multicultural education: the cambodian culture

Download Multicultural Education: The Cambodian Culture

Post on 09-Dec-2014




1 download

Embed Size (px)


Brief description of the cultural capital Cambodian students bring to the classroom.


  • 1. Multicultural Education: The Cambodian Culture Teaching in culturally and linguistically diverse environments Mnica P. Coto Texas Womans University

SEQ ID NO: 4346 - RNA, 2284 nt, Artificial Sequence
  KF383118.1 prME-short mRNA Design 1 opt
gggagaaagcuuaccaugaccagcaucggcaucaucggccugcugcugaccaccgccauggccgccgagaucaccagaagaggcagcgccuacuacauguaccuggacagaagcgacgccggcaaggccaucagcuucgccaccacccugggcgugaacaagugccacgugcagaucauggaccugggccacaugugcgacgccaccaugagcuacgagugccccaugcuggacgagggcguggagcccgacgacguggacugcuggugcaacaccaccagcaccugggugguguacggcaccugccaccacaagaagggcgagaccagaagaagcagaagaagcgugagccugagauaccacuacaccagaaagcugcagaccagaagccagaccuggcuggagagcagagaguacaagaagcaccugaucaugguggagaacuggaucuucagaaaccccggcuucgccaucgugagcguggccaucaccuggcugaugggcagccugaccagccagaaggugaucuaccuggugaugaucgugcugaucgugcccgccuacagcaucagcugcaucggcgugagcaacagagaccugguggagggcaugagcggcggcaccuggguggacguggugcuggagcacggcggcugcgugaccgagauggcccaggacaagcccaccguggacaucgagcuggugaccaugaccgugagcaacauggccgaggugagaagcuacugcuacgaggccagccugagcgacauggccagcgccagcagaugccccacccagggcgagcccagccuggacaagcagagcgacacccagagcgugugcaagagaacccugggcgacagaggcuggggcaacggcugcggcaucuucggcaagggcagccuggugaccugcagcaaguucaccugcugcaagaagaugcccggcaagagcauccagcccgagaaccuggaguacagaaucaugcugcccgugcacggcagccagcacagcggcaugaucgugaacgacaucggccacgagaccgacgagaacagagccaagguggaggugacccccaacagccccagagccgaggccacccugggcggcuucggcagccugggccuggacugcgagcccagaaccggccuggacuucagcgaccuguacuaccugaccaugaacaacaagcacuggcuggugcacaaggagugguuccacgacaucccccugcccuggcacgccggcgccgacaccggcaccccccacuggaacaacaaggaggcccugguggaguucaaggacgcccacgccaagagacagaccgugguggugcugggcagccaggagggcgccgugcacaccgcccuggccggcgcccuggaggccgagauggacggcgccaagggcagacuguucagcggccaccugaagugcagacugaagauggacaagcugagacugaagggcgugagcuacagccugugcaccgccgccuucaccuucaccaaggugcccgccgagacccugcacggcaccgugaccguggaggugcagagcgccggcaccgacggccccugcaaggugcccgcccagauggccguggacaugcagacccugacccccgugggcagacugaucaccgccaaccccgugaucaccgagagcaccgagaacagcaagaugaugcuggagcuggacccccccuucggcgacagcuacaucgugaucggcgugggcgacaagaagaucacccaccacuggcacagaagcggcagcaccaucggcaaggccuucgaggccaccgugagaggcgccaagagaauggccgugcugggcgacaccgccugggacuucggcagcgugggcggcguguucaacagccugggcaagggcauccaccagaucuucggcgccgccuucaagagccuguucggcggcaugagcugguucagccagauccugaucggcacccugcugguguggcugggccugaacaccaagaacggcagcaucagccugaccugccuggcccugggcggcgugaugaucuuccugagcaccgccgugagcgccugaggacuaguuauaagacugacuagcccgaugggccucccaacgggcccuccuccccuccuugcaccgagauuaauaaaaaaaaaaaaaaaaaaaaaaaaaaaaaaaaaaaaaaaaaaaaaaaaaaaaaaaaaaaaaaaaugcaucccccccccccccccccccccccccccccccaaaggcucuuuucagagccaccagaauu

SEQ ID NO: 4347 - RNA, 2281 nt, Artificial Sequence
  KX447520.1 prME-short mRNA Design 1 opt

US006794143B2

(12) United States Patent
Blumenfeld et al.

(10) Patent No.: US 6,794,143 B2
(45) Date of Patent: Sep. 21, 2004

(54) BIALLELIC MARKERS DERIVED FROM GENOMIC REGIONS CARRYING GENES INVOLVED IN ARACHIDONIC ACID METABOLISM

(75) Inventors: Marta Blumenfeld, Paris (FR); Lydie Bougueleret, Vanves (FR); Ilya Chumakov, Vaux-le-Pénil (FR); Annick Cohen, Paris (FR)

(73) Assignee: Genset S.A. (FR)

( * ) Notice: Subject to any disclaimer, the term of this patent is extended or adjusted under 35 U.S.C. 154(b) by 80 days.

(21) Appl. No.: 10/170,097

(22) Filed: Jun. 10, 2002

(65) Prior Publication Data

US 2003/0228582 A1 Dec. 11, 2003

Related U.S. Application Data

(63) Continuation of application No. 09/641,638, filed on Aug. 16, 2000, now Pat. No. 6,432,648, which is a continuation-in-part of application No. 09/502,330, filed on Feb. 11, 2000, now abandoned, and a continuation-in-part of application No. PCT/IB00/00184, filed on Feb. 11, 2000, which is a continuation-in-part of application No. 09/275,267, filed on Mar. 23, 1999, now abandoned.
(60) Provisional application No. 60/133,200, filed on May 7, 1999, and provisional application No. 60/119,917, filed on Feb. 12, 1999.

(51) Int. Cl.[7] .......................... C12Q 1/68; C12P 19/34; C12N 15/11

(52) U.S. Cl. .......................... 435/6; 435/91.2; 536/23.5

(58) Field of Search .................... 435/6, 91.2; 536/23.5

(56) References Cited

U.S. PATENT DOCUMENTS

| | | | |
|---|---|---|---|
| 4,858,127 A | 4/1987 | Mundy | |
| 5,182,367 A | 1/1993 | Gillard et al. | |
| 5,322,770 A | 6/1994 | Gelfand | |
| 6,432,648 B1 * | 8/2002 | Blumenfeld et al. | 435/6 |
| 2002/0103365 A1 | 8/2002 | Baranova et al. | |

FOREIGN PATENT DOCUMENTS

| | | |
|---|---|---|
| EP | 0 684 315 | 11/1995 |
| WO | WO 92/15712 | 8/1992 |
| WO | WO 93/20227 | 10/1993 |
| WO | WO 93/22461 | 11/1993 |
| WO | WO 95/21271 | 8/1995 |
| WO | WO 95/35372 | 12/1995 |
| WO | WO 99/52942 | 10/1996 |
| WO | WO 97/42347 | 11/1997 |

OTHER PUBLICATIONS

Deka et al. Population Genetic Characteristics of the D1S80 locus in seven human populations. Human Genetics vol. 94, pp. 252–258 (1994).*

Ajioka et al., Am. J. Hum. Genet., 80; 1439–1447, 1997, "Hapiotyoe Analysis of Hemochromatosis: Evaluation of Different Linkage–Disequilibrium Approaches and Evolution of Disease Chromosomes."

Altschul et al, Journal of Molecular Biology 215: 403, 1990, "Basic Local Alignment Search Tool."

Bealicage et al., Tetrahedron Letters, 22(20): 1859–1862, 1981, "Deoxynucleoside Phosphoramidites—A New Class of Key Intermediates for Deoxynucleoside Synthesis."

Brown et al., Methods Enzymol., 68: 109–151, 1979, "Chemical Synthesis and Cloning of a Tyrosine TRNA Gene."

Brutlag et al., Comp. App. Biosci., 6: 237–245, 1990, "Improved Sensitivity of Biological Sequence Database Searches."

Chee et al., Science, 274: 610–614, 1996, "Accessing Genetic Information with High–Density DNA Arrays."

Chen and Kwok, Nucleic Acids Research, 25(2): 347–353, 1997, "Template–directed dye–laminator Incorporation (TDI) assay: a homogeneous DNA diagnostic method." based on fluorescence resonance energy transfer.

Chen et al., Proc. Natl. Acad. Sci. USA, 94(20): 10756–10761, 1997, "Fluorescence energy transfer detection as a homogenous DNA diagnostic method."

2. Cambodia Cambodia is located in Southeast Asia. The capital city is Phnom Penh. Cambodians are known as the Khmer people Khmer is also the name of the most commonly spoken language. Although Cambodia and Vietnam are neighbors, Khmer and Vietnamese are untransferable. 3. The climate Cambodias climate is warm and humid all year round allowing for abundant flora and fauna. The climate depends on the monsoon winds that create a rainy season (May to October) and dry season (October to April). 4. The government Cambodia got its independence from France on November 9, 1953. The current government is considered a constitutional monarchy ruled by a King and a Prime Minister. In reality, the Prime Minister Hun Sen has held a totalitarian communist power for almost 30 years. 5. Food Rice is the base for almost all of the dishes Cambodians eat. Noodles, fish, seafood, and pork are also very popular. They use fresh herbs, like cilantro, basil, sprouts, lemon grass, etc. to top some dishes like soups. It is also common the use of spices such as hot peppers and curry 6. Fashion Although in the modern days most Cambodians dress like most people around the world, the traditional attires are associated with religion and the unique syncretism of indigenous Buddhism and Hinduism. 7. Folklore The most representative folklore of Cambodia is its dances. The Apsara dance is today a keynote in touristic sites. The dance was exclusively to entertain royalty. It wasnt introduced to outsiders until the 1960s. Apsara is inspired by the carvings on the Angkor Wat Temple. 8. Festivals The most important festivity is the Khmer New Year in April. People dance, play games, and eat many traditional foods. Other festivities include the Chinese New Year (February) and Christmas (December). Cambodia is adopting more and more traditions and celebrations of the United States because of the amount of Cambodians living here. 9. Famous people Because of the many years of war, revolution, and totalitarian governments, the most famous figures are politicians. King Norodom Sihamoni Prime Minister Hun Sen 10. Deep culture Cambodia survived a convulsive 20th century. The most terrible event in the countrys history was the Khmer Rouge communist regime from 1975 to 1979. 3 million people were assassinated including 90% of teachers and intellectuals The education system was severely damaged The current government has communist principles and institutionalized corruption keep the country from recovery. 11. Implications of the Cambodian culture in a multicultural classroom Due to the high illiteracy rate in Cambodia, a teacher should contact the family as soon as possible to find out how much academic support the student will be getting from the parents. If parents have a low literacy level, the teacher should help them generate other strategies of home support (allowing time and place to do homework, reinforcing reading at home, etc.) and parental involvement with the students learning process. 12. Implications of the Cambodian culture in a multicultural classroom Since Cambodia was a colony of France and French was part of the public school curriculum, the highly educated population is most likely fluent to French. This is important because a teacher of a Cambodian newcomer (also valid for Vietnamese) may benefit from the knowledge of some cognates between English and French, because the likelihood of cognates between English and Khmer is very remote. 13. Implications of the Cambodian culture in a multicultural classroom Most Cambodians are Buddhists, and since Buddhism has been decreed the religion of the country by the government, students could expect to receive lessons about religion at school because they do in Cambodia. As teachers of diversity, we need to be ready to explain the separation between school (state) and religion in the United States. 14. Implications of the Cambodian culture in a multicultural classroom Because of the successive totalitarian regimes that have ruled the country, a Cambodian student may have difficulties understanding concepts of freedom, democracy, honesty, and the limited powers of our president. A teacher would have to be especially careful when these topics are brought up in Social Studies or any other subject. It would be necessary to create a base of knowledge to scaffold understanding. This scaffold would also benefit any other ELL coming from a country with a totalitarian government (Cubans, Chinese, North Koreans, etc.) 15. Implications of the Cambodian culture in a multicultural classroom One of the consequences of corrupt governments is the idea that some things can be obtained illegally without being judged as morally incorrect by society (like bribing teachers). It could be possible then that newcomers Cambodian parents offer to bribe a teacher to get help on important tests like STAAR, SAT, u other situation that will impact the students record. A teacher of diversity should be ready to explain the rules and policies of the American school system before jumping to conclusions and morally judging the parents or students actions. 16. Implications of the Cambodian culture in a multicultural classroom Cambodian students will always benefit from having books that represent them in the classroom. Some of these books are: Half Spoon of Rice: A Survival Story of the Cambodian Genocide by Icy Smith The Clay Marble by Mingfong Ho Cambodia by Rob Alcraft Welcome to Cambodia by Dora Yip Children of the River by Linda Crew Silent Lotus by Farrar, Straus, & Giroux Roots and Wings by Many Ly These books should be previously reviewed by the teacher in terms of their appropriateness to grade level because they might contained vivid imagery of the hardship the Cambodians have endure. 17. Implications of the Cambodian culture in a multicultural classroom Cambodian families could highly benefit from a list of resources available at the community level. For example classes offered at the recreation center, parks, medical services, social services, sports leagues, Scouts, adult education opportunities, etc. 18. Implications of the Cambodian culture in a multicultural classroom It is also urgent to open spaces of reflection so the school staff can get familiar with the cultures represented in the student body, not just at the surface level but the deep culture. This could be done from in-depth, whole-day workshops to 30-minute synopsis of a culture, one at the time in the regular scheduled meetings. 19. Final thoughts Teachers and schools moving to multicultural education need to reflect on the strategies that will take them to a more equitable and egalitarian educative practice. Facing diversity with patch on activities such as bulletin boards and cultural festivals will not help the stakeholders to truly get to know each other and to create a common identity. Getting to know the deep culture of our students is truly the only opportunity to serve their individualities and, like Nieto & Bode (2012) recommended, accommodate to their needs to promote the democratic purposes of schooling. 20. References Ministry of Tourism of Cambodia. (n.d.). Cambodia, Kingdom of Wonder. Retrieved from #comp Nieto, S., & Bode, P. (2012). Affirming diversity: The sociopolitical context of multicultural education (6th ed.). Boston, MA: Pearson/Allyn & Bacon. NGO Education Partnership. (n.d.) NGO Education Partnership. Retrieved from Ngor, Sinara. (2014) Personal communication.